Hey Friends! It feels good to be back. Life is good over here, and I am loving my new (as of last December) job. Unfortunately it means that I can't commit as much time to this blog, but fear not! I am still here, and I still have lots to share. I'm still figuring out how to do an email newsletter so new posts can go straight to your inbox, but I'm not sure I did it right. Until that's sorted, you know where to find me :)
Today's post is near and dear to my heart as I have been churning out renderings left and right as of late. My days have been spent bouncing between Photoshop and VRay, and as a result, I have a lot of opinions about adding people to renderings now. I wanted this to be a "how to" article, but I ended up having so much fun finding bad examples, it turned into a Buzzfeed listicle.
To be honest, I have a love/hate with figures in a rendering. Some spaces look terribly awkward without them, but sometimes I think they are a bit too much. In worst case scenarios they distract from the space itself. To illustrate this, I've pulled some truly fantastic examples from the internet and had myself a pretty good laugh. Here are a few examples of what not to do:
1. The old "third wheel" situation.
This space is incredible, but what is going on here? Why is that girl sitting on that guy's lap? Why does the guy she's sitting on look so upset? Who are the other people and what are they doing there? I have so many questions and none of them have to do with the interior.
2. This very important receptionist.
Literally the first thing I see when I look at this is the receptionist. Compared to the rest of the space, she is gigantic and contrasts so much that I can't see anything else. This is a beautiful space, and I didn't even notice it because I was trying to figure out what's happening on her forehead.
3. This man is picking is nose.
Honestly, who let this happen. The most prominently featured person in this image is wiping his nose. Who looks through stock photos, finds this one, and goes "Mmm yes. This. This is perfect!"? I just can't with this.
4. This lighting makes no sense.
This one's picky, but it's one of my biggest pet peeves. Do you see the girl in the scarf? The original photo of her was clearly taken outside. The lighting on her head (and the face that she is wearing sunglasses) make no sense in this space and looks completely unnatural.
5. The world's worst stock photo.
This would be a great rendering if it weren't for the girls with the bags on the right. Who in real life has ever done this? With the exception of Cher from Clueless, the answer is no one. Also the one in front is looking straight at the camera which drives me nuts. Completely unnatural.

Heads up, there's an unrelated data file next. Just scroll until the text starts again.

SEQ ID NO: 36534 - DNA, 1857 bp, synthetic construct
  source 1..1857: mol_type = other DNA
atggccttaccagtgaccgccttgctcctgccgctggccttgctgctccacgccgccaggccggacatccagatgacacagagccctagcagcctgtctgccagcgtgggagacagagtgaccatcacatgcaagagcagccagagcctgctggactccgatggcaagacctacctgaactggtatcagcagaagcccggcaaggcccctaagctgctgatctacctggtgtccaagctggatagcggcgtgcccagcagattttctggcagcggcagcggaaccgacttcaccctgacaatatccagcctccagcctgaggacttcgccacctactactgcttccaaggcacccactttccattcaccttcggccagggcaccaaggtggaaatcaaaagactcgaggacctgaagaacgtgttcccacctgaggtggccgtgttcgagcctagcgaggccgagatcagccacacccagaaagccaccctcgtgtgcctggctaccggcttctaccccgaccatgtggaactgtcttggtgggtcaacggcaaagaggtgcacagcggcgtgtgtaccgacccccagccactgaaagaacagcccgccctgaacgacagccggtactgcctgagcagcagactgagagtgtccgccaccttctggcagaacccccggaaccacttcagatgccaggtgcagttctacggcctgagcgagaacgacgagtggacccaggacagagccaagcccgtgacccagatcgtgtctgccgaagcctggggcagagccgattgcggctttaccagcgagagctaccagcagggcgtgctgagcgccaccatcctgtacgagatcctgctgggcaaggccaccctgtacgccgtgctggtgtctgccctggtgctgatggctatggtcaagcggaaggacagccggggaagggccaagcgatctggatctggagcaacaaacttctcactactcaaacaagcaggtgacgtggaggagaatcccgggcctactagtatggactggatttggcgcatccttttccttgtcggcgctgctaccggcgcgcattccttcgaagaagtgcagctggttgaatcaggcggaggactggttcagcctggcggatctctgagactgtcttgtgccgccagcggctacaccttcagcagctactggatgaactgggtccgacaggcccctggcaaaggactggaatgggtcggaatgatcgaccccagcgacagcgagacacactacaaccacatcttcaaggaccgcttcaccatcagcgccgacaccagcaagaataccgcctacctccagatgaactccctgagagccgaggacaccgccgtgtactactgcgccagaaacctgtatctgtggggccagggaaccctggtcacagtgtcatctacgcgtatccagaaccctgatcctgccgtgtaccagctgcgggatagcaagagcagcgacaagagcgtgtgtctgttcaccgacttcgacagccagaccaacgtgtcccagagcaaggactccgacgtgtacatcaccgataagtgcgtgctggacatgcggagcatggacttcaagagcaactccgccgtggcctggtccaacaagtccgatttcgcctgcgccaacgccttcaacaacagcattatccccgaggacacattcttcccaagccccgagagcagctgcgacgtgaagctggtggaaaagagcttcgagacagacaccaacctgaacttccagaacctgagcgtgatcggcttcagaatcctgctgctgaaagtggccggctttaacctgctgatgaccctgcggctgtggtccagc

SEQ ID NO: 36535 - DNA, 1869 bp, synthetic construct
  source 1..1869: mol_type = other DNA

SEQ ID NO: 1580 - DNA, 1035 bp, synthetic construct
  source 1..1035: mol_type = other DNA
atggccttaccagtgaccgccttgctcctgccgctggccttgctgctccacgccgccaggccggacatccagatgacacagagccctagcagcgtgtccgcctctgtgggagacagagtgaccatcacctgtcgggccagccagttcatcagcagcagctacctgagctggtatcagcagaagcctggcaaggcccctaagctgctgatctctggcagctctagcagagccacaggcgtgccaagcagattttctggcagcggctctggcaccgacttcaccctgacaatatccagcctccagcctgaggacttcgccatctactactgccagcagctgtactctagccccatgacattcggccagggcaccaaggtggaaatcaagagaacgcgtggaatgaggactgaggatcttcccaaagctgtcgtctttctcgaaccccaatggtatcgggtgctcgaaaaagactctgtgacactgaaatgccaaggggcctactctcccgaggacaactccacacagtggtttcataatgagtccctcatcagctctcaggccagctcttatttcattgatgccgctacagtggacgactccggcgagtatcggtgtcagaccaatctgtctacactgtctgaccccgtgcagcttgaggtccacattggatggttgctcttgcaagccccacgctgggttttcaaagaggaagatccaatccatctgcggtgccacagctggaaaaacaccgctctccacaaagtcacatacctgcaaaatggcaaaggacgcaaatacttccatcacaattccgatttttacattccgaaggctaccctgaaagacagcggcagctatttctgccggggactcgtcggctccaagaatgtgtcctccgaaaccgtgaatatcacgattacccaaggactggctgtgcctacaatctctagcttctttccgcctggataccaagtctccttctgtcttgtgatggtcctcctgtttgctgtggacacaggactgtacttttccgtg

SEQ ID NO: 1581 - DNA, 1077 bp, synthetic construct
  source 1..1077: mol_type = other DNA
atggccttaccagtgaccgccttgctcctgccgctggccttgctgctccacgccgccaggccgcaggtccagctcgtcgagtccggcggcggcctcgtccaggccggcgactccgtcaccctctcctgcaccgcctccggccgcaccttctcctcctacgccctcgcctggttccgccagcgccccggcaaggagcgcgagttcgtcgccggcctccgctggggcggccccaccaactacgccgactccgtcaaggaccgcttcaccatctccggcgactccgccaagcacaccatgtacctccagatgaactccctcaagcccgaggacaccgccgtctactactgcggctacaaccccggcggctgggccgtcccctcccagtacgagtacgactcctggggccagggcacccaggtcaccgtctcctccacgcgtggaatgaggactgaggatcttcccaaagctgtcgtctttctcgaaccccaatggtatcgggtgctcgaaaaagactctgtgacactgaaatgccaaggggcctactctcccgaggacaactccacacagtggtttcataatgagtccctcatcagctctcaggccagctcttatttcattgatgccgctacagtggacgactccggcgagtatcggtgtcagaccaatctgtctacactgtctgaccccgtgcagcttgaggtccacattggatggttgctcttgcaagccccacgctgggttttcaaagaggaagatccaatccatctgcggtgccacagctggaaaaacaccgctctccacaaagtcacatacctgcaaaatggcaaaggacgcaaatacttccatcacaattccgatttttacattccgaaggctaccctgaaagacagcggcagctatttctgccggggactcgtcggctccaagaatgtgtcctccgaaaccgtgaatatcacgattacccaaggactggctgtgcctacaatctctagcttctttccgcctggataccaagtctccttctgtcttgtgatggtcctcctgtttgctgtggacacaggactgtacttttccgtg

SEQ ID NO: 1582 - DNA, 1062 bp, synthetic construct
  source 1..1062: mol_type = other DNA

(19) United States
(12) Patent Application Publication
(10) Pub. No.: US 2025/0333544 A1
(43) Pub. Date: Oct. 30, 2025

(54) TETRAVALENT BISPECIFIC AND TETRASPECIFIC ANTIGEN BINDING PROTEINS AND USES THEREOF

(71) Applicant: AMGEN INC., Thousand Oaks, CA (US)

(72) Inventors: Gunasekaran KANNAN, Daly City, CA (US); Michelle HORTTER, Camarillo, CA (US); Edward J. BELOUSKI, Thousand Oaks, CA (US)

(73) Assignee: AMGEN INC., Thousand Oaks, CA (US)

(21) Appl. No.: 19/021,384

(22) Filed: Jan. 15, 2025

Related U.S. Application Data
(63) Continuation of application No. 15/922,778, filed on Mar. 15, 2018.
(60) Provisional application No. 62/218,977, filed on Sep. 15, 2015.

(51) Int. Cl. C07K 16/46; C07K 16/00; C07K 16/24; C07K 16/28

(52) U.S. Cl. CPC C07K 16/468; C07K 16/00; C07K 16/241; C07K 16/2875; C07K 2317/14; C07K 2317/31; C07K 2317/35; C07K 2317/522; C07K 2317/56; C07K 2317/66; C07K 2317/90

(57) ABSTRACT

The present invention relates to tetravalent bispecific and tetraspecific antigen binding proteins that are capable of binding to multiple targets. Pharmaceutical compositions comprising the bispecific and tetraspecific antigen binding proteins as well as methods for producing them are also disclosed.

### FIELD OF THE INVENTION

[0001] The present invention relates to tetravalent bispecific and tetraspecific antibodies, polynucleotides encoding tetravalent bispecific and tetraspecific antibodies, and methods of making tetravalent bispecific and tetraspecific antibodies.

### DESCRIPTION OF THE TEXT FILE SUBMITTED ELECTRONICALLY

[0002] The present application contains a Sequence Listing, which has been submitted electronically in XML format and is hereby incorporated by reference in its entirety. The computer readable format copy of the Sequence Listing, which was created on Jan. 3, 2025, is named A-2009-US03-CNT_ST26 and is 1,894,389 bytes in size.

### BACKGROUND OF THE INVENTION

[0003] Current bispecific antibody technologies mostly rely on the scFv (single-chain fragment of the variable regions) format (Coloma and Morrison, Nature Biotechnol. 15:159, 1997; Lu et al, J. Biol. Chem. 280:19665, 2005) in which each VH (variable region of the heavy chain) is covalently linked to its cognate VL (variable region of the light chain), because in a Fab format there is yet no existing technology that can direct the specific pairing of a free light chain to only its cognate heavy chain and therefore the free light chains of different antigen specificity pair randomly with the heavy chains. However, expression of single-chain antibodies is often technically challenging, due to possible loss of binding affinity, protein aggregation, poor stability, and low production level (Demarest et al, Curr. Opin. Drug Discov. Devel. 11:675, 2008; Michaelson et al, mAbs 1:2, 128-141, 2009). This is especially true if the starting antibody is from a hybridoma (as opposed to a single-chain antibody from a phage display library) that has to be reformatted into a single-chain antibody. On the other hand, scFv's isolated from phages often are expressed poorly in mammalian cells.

6. This is literally Nicole Richie.
Did this designer really think we wouldn't notice Nicole Richie in the very front of their rendering? This is a no no. I once heard about an architecture firm that put George Clooney in their rendering and accidentally sent it to press before taking him out. Apparently he found out about it, got all mad, and the firm got in huge trouble. The moral of the story is: don't use celebrities in renderings. Also press releases are no joke.
7. There are so many things, I don't even know where to begin.
First of all, that blonde lady is in this rendering twice. Don't think we didn't notice. We did. Second, why are the women wearing cocktail dresses in the middle of the day while all the men are wearing jeans? Also, the photo of the blonde lady was clearly taken outside because the lighting on her head makes no sense in this context. It's way too harsh. Also, something about the floor looks really off. Maybe it's because it has no reflection, or because it doesn't have seams? I don't know, but it looks weird to me.
8. This bookworm.
You probably know what I'm going to say here. So I won't even say it. Super cool library. Ruined by a Pippi Longstocking lookalike in a high waisted denim mini skirt.
Those are the best ones I could find, but I thought I'd take a moment to list a few more pet peeves of mine while I'm on a roll:
- When the saturation level is inconsistent throughout the image. If one figure is super vibrant and another is muted, it just looks wrong.
- When everyone is white. We live in a diverse world. Renderings should be shown as such.
- When the lighting is inconsistent. I already talked about this, but it's worth saying again. If two figures standing next to each other are being lit from two different directions, you might want to find new photos.
- When people are inappropriately dressed for the environment. People don't wear cocktail dresses in malls. They also don't wear hoodies in offices. Figures in renderings should reflect the type of dress that will actually be worn by people in the space.
- When stock image figures are looking right at the camera. I already said this one, but it completely destroys the candid look that renderings should have.
- When the stock photo is unrealistic in general. Most stock photos look super fake. As a result, using them will make your rendering look fake. And cheesy. It's best to find the most natural looking figures you can find.
- When the shadows and reflections don't make sense. Real humans cast shadows and have reflections. If a person is walking on a high gloss floor, there should be a reflection shown. Same goes for shadows in spaces that have a lot of sun light.
The moral of the story here is to be careful when you add people to renderings. As you can see, it can really mess things up and take away from your design. Hopefully you had fun laughing along with me. :)
Until next time!